•Where fuel prices rise, it is expected that the costs of energy, transportation, consumer goods and services will similarly experience an untick.
•From an economics perspective, prolonged reduced consumer spending, whether resultant of the economic downturn occasioned by the Covid-19 pandemic, or increasing fuel prices, is a sign of worst times ahead.
Merely a month after the Energy and Petroleum Regulatory Authority (EPRA) reviewed the prices of fuel upward for the period 15 March to 14 April 2021, a further increase appears to be on the horizon.
Based on media reports, EPRA may consider a further increment in its 15 April 2021 to 14 May 2021 review, likely pushing the pump prices of petrol, diesel and kerosene to historic highs.
Unfortunately, historically high fuel prices, combined with the current economic downturn wherein consumer purchasing power is diminished, may spell further woes for the ordinary Mwananchi.
As discussed previously on this column, the rise in fuel prices is likely to have a trickle-down effect on the cost of living experienced by the ordinary Mwananchi.
Indeed, where fuel prices rise, it is expected that the costs of energy, transportation, consumer goods and services will similarly experience an untick.
We have already witnessed reports of Matatu owners threatening to hike fares in view of the increased fuel costs, driver-partner’s in the multitude of ride-sharing platforms available within the Kenyan market threatening embark on a go-slow in view of the same, as well as an increase in prices of ordinary commodities such as bread, milk and flour.
All these considered translate to less income in the hands of the ordinary Kenyan and consequently reduced consumer spending.
From an economics perspective, prolonged reduced consumer spending, whether resultant of the economic downturn occasioned by the Covid-19 pandemic, or increasing fuel prices, is a sign of worst times ahead.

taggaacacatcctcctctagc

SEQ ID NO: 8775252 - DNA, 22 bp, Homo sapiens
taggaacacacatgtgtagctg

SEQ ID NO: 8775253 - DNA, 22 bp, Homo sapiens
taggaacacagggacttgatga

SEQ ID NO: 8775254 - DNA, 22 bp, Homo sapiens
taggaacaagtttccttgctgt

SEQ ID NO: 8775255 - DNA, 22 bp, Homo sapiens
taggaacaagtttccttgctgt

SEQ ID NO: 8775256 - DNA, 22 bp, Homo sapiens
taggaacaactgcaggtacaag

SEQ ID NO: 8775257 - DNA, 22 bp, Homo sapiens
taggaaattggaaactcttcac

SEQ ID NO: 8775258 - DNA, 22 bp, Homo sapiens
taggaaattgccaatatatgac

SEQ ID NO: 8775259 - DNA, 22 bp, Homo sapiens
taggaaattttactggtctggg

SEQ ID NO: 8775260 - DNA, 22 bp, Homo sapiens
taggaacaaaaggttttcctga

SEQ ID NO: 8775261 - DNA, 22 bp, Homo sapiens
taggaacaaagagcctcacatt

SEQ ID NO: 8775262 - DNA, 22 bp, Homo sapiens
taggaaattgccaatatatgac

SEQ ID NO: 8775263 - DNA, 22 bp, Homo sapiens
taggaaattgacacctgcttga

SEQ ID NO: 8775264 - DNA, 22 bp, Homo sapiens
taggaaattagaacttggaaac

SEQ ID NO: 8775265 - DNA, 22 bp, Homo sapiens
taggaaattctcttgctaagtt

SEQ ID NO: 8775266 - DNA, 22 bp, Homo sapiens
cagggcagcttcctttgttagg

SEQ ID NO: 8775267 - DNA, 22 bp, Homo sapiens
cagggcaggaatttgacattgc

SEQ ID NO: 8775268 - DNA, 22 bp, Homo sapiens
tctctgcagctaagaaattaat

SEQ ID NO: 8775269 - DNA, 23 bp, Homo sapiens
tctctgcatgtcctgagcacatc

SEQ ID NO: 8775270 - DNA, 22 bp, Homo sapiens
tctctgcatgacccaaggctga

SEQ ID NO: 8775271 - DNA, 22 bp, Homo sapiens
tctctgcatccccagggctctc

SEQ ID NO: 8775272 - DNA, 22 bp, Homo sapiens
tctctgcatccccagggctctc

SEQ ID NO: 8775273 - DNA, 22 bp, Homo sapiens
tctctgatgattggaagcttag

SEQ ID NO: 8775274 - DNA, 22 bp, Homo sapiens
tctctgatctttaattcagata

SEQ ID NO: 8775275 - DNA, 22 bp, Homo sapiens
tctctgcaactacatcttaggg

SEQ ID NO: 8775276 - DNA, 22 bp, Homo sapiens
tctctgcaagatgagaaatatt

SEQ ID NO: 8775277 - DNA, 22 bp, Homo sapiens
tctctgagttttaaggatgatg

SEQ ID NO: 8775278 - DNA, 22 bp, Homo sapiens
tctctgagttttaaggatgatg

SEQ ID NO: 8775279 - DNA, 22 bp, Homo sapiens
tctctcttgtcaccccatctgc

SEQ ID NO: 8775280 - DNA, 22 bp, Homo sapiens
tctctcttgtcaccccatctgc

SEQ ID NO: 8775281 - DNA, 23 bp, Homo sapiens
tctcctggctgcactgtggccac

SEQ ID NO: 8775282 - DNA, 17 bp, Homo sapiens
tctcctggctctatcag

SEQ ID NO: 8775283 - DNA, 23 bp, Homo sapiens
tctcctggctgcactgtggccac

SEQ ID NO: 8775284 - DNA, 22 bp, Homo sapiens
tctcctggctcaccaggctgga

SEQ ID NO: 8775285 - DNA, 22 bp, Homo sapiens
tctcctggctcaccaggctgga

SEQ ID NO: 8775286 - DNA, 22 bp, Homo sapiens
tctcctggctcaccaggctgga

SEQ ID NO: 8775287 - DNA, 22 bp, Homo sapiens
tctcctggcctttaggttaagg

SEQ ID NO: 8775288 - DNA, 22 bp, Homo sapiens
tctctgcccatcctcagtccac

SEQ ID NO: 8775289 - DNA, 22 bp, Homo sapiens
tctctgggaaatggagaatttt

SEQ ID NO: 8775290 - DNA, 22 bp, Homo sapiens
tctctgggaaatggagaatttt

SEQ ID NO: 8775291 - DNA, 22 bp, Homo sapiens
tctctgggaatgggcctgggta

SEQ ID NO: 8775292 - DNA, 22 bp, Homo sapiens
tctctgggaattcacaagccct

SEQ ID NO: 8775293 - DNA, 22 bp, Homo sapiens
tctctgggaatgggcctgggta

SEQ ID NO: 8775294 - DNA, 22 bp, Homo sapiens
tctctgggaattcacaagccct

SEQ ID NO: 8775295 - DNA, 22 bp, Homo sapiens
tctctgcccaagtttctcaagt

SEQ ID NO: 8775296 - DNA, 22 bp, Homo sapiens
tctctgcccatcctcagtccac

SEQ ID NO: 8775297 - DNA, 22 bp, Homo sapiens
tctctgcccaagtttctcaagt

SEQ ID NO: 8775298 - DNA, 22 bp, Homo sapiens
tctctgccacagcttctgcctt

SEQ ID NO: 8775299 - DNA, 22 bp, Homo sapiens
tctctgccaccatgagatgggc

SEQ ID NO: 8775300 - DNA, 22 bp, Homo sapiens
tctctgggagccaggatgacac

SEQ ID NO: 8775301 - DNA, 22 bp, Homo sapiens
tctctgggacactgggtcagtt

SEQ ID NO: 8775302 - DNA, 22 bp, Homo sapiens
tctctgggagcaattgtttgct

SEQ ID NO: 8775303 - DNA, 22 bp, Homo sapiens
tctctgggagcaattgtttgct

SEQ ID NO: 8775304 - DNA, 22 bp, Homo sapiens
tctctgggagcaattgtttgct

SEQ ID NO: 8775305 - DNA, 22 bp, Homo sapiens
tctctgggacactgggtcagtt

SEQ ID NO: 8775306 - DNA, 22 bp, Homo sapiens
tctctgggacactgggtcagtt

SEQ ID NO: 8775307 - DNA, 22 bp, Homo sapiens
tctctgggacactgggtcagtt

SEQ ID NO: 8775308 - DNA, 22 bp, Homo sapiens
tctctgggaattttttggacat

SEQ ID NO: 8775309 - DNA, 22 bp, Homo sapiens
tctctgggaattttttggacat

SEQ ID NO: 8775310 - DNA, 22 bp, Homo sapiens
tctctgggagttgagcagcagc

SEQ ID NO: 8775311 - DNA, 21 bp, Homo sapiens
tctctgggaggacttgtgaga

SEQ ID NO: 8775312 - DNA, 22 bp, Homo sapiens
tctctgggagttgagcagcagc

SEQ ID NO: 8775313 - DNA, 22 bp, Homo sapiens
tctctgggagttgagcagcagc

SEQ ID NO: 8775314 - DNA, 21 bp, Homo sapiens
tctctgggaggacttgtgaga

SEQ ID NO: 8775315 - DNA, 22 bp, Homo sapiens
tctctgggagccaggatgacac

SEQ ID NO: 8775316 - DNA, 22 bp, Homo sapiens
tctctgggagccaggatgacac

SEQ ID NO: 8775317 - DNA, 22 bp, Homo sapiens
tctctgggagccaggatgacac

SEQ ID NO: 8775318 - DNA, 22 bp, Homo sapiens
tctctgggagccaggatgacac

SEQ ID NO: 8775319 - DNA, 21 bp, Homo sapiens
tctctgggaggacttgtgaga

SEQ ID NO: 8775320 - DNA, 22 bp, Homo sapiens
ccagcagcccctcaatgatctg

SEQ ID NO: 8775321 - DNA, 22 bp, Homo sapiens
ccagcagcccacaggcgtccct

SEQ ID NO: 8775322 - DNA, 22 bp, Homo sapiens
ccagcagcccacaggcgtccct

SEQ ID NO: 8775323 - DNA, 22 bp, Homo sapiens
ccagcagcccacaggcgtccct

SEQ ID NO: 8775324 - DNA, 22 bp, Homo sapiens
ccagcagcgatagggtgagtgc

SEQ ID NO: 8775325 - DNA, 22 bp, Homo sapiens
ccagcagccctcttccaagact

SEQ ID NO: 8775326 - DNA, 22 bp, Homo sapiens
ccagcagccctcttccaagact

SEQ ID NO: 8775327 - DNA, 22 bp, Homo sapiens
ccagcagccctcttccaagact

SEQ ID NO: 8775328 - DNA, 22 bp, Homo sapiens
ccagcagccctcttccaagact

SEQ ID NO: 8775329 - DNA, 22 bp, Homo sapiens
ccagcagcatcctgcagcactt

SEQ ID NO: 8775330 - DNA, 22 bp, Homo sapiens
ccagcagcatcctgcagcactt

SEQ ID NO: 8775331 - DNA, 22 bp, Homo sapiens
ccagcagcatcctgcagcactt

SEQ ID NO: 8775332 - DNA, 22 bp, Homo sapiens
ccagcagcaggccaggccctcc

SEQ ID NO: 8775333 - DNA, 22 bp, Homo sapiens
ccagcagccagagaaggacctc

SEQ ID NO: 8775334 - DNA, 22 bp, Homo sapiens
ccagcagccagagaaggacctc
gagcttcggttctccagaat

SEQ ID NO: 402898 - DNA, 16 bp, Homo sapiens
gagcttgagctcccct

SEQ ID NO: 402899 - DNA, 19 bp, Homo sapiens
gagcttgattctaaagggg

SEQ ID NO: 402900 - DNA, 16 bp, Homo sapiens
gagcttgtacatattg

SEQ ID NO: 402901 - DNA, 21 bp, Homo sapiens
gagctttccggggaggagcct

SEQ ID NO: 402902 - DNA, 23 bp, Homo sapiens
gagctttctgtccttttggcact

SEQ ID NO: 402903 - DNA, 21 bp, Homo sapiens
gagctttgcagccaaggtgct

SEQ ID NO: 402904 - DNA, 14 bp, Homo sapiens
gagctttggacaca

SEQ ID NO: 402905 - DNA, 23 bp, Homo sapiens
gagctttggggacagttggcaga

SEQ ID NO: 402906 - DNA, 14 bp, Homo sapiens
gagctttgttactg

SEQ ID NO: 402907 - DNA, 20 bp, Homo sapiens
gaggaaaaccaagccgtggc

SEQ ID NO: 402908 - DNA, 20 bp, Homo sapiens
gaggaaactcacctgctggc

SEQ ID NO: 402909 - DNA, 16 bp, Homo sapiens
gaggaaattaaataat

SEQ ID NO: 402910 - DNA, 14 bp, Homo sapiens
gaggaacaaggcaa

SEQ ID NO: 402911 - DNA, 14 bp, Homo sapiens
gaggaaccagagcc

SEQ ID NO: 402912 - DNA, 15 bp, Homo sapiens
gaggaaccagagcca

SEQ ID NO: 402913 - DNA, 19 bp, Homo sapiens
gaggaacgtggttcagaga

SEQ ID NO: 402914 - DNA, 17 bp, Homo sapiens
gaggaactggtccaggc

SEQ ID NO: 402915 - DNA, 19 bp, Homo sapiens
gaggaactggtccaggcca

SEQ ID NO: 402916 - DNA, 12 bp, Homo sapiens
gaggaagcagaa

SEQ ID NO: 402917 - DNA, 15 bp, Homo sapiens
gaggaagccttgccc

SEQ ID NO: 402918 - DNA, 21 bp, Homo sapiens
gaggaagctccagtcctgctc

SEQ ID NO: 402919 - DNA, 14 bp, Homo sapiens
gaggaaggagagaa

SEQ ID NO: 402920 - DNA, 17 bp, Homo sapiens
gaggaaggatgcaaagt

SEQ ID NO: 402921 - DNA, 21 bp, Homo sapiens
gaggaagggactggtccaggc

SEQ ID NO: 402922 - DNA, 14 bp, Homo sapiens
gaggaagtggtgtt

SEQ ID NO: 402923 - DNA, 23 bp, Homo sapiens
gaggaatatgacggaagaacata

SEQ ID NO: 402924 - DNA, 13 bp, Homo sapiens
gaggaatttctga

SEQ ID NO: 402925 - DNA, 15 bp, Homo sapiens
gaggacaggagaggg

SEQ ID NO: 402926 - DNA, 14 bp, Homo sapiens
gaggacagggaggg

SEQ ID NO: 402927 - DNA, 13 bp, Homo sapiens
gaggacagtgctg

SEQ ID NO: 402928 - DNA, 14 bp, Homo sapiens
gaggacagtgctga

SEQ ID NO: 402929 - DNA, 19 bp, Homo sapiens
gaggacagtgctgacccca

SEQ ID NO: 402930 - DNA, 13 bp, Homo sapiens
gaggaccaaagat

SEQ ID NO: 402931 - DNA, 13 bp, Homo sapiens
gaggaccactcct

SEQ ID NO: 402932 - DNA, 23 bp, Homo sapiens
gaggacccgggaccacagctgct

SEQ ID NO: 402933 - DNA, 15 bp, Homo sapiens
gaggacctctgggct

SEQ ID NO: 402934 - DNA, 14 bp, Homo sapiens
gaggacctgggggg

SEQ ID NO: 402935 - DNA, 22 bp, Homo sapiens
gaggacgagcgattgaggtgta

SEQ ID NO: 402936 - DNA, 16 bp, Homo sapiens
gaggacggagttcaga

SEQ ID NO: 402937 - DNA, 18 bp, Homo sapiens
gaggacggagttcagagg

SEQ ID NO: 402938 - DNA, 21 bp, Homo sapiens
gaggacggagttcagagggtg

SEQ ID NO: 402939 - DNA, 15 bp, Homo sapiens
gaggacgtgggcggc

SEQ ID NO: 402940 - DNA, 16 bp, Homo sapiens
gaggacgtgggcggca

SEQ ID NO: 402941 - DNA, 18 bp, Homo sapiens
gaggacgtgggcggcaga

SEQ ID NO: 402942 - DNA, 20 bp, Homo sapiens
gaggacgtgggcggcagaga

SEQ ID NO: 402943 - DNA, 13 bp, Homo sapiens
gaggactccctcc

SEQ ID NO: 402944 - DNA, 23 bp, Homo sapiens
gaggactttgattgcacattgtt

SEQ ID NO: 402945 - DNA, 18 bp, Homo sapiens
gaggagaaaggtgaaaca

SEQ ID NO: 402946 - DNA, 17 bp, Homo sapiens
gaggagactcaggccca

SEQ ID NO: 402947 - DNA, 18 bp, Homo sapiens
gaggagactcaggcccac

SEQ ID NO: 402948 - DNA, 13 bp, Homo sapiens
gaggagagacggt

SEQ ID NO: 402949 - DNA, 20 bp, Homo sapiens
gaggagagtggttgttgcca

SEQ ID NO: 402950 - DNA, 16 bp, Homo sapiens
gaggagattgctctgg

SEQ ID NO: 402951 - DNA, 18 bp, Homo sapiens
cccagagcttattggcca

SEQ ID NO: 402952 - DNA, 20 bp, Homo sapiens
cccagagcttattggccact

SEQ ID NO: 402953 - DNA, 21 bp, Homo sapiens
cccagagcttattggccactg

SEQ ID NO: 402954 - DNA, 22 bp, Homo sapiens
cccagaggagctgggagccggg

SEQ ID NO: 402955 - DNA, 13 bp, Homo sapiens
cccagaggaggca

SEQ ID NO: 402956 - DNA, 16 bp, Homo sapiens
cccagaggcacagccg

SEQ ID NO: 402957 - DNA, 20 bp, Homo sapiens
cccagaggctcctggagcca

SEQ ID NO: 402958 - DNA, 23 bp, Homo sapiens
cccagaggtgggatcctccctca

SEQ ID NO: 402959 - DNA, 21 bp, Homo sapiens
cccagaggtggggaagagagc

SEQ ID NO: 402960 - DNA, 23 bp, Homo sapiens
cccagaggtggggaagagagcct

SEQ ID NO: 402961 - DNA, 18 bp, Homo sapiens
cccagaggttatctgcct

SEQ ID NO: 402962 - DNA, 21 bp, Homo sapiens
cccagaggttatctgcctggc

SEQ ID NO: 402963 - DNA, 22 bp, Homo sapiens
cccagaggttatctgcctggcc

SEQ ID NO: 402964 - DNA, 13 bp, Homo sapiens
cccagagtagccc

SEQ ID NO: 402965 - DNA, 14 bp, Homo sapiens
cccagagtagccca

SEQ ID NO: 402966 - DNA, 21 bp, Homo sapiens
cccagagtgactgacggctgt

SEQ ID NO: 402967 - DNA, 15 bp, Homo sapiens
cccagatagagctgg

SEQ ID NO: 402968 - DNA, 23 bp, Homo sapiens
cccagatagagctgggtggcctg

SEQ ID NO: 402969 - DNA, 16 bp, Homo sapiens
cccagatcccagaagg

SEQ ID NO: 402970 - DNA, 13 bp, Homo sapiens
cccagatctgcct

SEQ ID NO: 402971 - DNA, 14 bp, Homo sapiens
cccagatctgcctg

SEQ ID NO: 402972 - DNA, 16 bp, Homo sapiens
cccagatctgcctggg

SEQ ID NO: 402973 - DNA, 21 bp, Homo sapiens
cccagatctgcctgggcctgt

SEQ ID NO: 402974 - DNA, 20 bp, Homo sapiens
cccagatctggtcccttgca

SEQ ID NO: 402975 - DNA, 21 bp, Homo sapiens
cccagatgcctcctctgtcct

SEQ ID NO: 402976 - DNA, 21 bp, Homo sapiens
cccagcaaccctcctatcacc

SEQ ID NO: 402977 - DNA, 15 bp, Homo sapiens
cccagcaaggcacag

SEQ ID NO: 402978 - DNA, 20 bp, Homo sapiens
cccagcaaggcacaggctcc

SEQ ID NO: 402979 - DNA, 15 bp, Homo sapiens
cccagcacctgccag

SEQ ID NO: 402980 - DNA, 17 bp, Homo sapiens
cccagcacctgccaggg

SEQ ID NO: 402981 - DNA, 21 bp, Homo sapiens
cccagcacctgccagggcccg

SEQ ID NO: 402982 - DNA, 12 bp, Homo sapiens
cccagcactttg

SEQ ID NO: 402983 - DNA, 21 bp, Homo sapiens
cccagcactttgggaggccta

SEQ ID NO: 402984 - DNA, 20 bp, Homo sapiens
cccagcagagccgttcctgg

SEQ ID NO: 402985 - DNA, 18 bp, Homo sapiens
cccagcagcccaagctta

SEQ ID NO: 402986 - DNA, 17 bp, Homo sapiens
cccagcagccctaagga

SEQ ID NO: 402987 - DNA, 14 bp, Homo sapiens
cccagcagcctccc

Indeed, the same is often considered a herald of depressed economic growth. In the Kenyan context, this may lead to decreasing demand for ordinary goods and services, which in turn may have a negative impact on tax revenues generated and remitted to the Government’s coffers.
From a business perspective, increased costs of fuel will likely translate to reduced investments and plateaued growth on the back of increased business costs.
This is particularly true to businesses engaged in energy-dependent industries such as manufacturing, transportation and construction.
An increase in the cost of fuel will have a direct impact on the cost of electricity, thereby increasing the cost of running energy-dependent machinery and equipment.
While energy-dependent industries may be most vulnerable to fuel increases, that is not to say that other businesses are safe.
To the extent that economic and business sectors are highly interdependent, increases in costs on one end are likely to have a direct impact on the other end of the spectrum.
Noting that the current economic situation is neither favourable nor sustainable, whether, to the ordinary Mwananchi or the business community at large, it is high time that concrete steps are taken to reign in the cost of living as well as costs of doing business.
Karen Kandie – MD IDB Capital
The article was submitted before the fuel price review